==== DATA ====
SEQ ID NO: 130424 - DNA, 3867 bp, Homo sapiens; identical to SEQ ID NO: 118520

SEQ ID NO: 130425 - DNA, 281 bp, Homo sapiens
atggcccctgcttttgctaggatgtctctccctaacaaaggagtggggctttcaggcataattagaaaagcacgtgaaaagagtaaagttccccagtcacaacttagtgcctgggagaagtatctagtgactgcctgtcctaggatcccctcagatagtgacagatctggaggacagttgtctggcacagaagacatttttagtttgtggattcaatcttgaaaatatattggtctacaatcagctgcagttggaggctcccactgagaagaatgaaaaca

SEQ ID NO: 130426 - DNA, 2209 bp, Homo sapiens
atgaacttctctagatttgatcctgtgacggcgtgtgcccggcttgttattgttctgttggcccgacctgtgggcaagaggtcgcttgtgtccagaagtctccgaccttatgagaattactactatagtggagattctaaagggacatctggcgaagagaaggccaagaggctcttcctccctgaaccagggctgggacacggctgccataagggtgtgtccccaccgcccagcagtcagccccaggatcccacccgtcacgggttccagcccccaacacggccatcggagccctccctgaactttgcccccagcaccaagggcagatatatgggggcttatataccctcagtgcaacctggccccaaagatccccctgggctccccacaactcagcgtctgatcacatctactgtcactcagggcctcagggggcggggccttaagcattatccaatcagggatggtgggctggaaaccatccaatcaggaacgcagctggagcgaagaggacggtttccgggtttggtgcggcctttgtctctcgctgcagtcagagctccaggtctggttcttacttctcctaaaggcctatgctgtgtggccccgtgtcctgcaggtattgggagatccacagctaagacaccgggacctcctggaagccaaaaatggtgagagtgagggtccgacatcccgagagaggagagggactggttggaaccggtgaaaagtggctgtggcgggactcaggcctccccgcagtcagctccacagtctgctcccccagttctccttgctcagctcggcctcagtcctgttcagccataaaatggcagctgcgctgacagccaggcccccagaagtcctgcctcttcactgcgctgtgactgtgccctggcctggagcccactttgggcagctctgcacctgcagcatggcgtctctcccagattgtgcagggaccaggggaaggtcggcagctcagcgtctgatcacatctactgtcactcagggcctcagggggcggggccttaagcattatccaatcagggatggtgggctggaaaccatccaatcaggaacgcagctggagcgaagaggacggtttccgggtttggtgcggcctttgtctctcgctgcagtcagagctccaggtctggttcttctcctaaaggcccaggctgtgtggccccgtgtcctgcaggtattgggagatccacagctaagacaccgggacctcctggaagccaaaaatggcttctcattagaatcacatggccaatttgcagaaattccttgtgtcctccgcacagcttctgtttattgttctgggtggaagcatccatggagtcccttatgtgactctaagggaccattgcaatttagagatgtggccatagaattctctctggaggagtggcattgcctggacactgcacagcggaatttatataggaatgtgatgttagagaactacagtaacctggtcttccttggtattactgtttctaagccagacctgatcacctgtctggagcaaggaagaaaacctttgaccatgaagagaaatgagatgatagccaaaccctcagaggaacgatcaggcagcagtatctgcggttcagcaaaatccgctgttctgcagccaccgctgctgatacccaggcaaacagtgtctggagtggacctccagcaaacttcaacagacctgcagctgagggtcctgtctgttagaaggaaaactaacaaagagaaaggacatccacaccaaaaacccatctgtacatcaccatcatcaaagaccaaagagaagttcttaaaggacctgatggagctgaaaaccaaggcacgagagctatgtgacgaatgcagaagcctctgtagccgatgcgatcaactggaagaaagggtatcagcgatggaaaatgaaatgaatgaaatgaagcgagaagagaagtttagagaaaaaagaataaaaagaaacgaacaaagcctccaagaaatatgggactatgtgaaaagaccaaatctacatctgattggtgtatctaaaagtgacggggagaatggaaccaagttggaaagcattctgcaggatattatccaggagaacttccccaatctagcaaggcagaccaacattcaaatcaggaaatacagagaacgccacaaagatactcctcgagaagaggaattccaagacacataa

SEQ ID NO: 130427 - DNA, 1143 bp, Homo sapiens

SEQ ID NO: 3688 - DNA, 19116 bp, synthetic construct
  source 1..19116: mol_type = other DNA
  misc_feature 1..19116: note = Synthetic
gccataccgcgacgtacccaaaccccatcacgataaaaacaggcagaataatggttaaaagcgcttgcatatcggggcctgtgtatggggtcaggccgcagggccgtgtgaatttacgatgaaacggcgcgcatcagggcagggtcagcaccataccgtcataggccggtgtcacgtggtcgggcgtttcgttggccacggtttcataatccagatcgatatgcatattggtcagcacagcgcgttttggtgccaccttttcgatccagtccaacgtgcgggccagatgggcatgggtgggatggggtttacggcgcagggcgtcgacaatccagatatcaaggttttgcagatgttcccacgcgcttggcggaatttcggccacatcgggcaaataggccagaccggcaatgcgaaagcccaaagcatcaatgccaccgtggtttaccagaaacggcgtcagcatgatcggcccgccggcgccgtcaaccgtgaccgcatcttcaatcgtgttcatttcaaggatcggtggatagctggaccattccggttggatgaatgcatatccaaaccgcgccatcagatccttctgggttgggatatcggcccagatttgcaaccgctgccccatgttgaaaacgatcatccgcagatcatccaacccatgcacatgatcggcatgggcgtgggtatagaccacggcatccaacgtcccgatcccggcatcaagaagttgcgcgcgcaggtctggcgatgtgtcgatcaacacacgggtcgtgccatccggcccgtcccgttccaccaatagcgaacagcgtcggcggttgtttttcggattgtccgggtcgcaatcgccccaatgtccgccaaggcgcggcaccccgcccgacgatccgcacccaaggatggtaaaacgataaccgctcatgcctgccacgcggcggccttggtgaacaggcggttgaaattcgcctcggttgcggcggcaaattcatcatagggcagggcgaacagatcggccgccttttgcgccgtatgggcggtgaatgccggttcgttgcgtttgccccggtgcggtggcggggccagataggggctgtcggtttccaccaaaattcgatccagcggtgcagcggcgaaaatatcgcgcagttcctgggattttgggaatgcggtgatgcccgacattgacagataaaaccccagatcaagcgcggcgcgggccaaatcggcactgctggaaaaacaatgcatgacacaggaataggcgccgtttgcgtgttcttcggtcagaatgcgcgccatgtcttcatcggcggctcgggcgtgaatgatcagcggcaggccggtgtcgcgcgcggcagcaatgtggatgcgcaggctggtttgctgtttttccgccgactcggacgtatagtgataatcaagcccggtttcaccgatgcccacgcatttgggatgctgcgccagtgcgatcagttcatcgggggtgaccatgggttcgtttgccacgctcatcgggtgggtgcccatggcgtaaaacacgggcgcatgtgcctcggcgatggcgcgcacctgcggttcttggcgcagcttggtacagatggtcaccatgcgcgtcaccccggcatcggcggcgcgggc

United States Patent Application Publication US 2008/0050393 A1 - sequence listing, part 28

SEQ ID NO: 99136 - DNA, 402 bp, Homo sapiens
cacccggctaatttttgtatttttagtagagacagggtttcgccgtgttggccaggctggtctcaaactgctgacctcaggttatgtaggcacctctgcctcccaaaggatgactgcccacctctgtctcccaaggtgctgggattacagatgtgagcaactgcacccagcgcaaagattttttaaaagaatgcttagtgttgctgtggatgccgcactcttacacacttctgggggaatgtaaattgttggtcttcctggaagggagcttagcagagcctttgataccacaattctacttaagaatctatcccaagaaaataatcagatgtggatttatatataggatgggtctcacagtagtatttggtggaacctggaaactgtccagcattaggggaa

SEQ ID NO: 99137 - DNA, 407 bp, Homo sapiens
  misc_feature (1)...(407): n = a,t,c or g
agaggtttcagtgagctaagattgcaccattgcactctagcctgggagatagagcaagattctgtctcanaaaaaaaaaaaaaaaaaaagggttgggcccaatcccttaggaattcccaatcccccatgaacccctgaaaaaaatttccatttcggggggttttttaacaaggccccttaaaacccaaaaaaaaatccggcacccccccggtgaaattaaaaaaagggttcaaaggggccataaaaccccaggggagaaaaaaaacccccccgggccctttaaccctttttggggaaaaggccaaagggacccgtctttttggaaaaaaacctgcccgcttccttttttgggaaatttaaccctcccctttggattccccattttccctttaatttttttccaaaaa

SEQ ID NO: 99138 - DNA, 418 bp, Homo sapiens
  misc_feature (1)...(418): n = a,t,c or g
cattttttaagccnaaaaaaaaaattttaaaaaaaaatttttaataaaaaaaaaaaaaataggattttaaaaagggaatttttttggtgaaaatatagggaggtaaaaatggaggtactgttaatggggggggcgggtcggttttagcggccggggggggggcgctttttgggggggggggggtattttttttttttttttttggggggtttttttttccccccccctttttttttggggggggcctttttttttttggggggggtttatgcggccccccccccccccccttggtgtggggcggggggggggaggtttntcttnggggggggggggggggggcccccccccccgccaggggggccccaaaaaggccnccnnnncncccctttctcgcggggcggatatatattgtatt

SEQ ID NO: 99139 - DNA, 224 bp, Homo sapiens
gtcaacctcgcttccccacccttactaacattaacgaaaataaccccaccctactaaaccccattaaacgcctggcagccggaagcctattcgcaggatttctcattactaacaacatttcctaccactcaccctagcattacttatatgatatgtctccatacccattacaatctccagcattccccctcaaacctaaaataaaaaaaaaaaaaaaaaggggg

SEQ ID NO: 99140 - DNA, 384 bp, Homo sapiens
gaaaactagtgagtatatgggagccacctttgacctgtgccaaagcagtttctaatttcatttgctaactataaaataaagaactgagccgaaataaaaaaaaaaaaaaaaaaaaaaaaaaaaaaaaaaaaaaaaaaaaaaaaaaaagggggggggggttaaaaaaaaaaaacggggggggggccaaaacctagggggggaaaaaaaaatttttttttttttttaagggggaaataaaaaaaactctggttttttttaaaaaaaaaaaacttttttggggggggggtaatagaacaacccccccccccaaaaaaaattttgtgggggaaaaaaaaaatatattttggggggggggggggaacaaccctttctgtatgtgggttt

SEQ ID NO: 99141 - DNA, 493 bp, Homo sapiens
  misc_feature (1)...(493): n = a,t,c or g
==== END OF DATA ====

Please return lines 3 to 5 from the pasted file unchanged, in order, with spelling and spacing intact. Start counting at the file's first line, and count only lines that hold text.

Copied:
atggcccctgcttttgctaggatgtctctccctaacaaaggagtggggctttcaggcataattagaaaagcacgtgaaaagagtaaagttccccagtcacaacttagtgcctgggagaagtatctagtgactgcctgtcctaggatcccctcagatagtgacagatctggaggacagttgtctggcacagaagacatttttagtttgtggattcaatcttgaaaatatattggtctacaatcagctgcagttggaggctcccactgagaagaatgaaaaca

SEQ ID NO: 130426 - DNA, 2209 bp, Homo sapiens
atgaacttctctagatttgatcctgtgacggcgtgtgcccggcttgttattgttctgttggcccgacctgtgggcaagaggtcgcttgtgtccagaagtctccgaccttatgagaattactactatagtggagattctaaagggacatctggcgaagagaaggccaagaggctcttcctccctgaaccagggctgggacacggctgccataagggtgtgtccccaccgcccagcagtcagccccaggatcccacccgtcacgggttccagcccccaacacggccatcggagccctccctgaactttgcccccagcaccaagggcagatatatgggggcttatataccctcagtgcaacctggccccaaagatccccctgggctccccacaactcagcgtctgatcacatctactgtcactcagggcctcagggggcggggccttaagcattatccaatcagggatggtgggctggaaaccatccaatcaggaacgcagctggagcgaagaggacggtttccgggtttggtgcggcctttgtctctcgctgcagtcagagctccaggtctggttcttacttctcctaaaggcctatgctgtgtggccccgtgtcctgcaggtattgggagatccacagctaagacaccgggacctcctggaagccaaaaatggtgagagtgagggtccgacatcccgagagaggagagggactggttggaaccggtgaaaagtggctgtggcgggactcaggcctccccgcagtcagctccacagtctgctcccccagttctccttgctcagctcggcctcagtcctgttcagccataaaatggcagctgcgctgacagccaggcccccagaagtcctgcctcttcactgcgctgtgactgtgccctggcctggagcccactttgggcagctctgcacctgcagcatggcgtctctcccagattgtgcagggaccaggggaaggtcggcagctcagcgtctgatcacatctactgtcactcagggcctcagggggcggggccttaagcattatccaatcagggatggtgggctggaaaccatccaatcaggaacgcagctggagcgaagaggacggtttccgggtttggtgcggcctttgtctctcgctgcagtcagagctccaggtctggttcttctcctaaaggcccaggctgtgtggccccgtgtcctgcaggtattgggagatccacagctaagacaccgggacctcctggaagccaaaaatggcttctcattagaatcacatggccaatttgcagaaattccttgtgtcctccgcacagcttctgtttattgttctgggtggaagcatccatggagtcccttatgtgactctaagggaccattgcaatttagagatgtggccatagaattctctctggaggagtggcattgcctggacactgcacagcggaatttatataggaatgtgatgttagagaactacagtaacctggtcttccttggtattactgtttctaagccagacctgatcacctgtctggagcaaggaagaaaacctttgaccatgaagagaaatgagatgatagccaaaccctcagaggaacgatcaggcagcagtatctgcggttcagcaaaatccgctgttctgcagccaccgctgctgatacccaggcaaacagtgtctggagtggacctccagcaaacttcaacagacctgcagctgagggtcctgtctgttagaaggaaaactaacaaagagaaaggacatccacaccaaaaacccatctgtacatcaccatcatcaaagaccaaagagaagttcttaaaggacctgatggagctgaaaaccaaggcacgagagctatgtgacgaatgcagaagcctctgtagccgatgcgatcaactggaagaaagggtatcagcgatggaaaatgaaatgaatgaaatgaagcgagaagagaagtttagagaaaaaagaataaaaagaaacgaacaaagcctccaagaaatatgggactatgtgaaaagaccaaatctacatctgattggtgtatctaaaagtgacggggagaatggaaccaagttggaaagcattctgcaggatattatccaggagaacttccccaatctagcaaggcagaccaacattcaaatcaggaaatacagagaacgccacaaagatactcctcgagaagaggaattccaagacacataa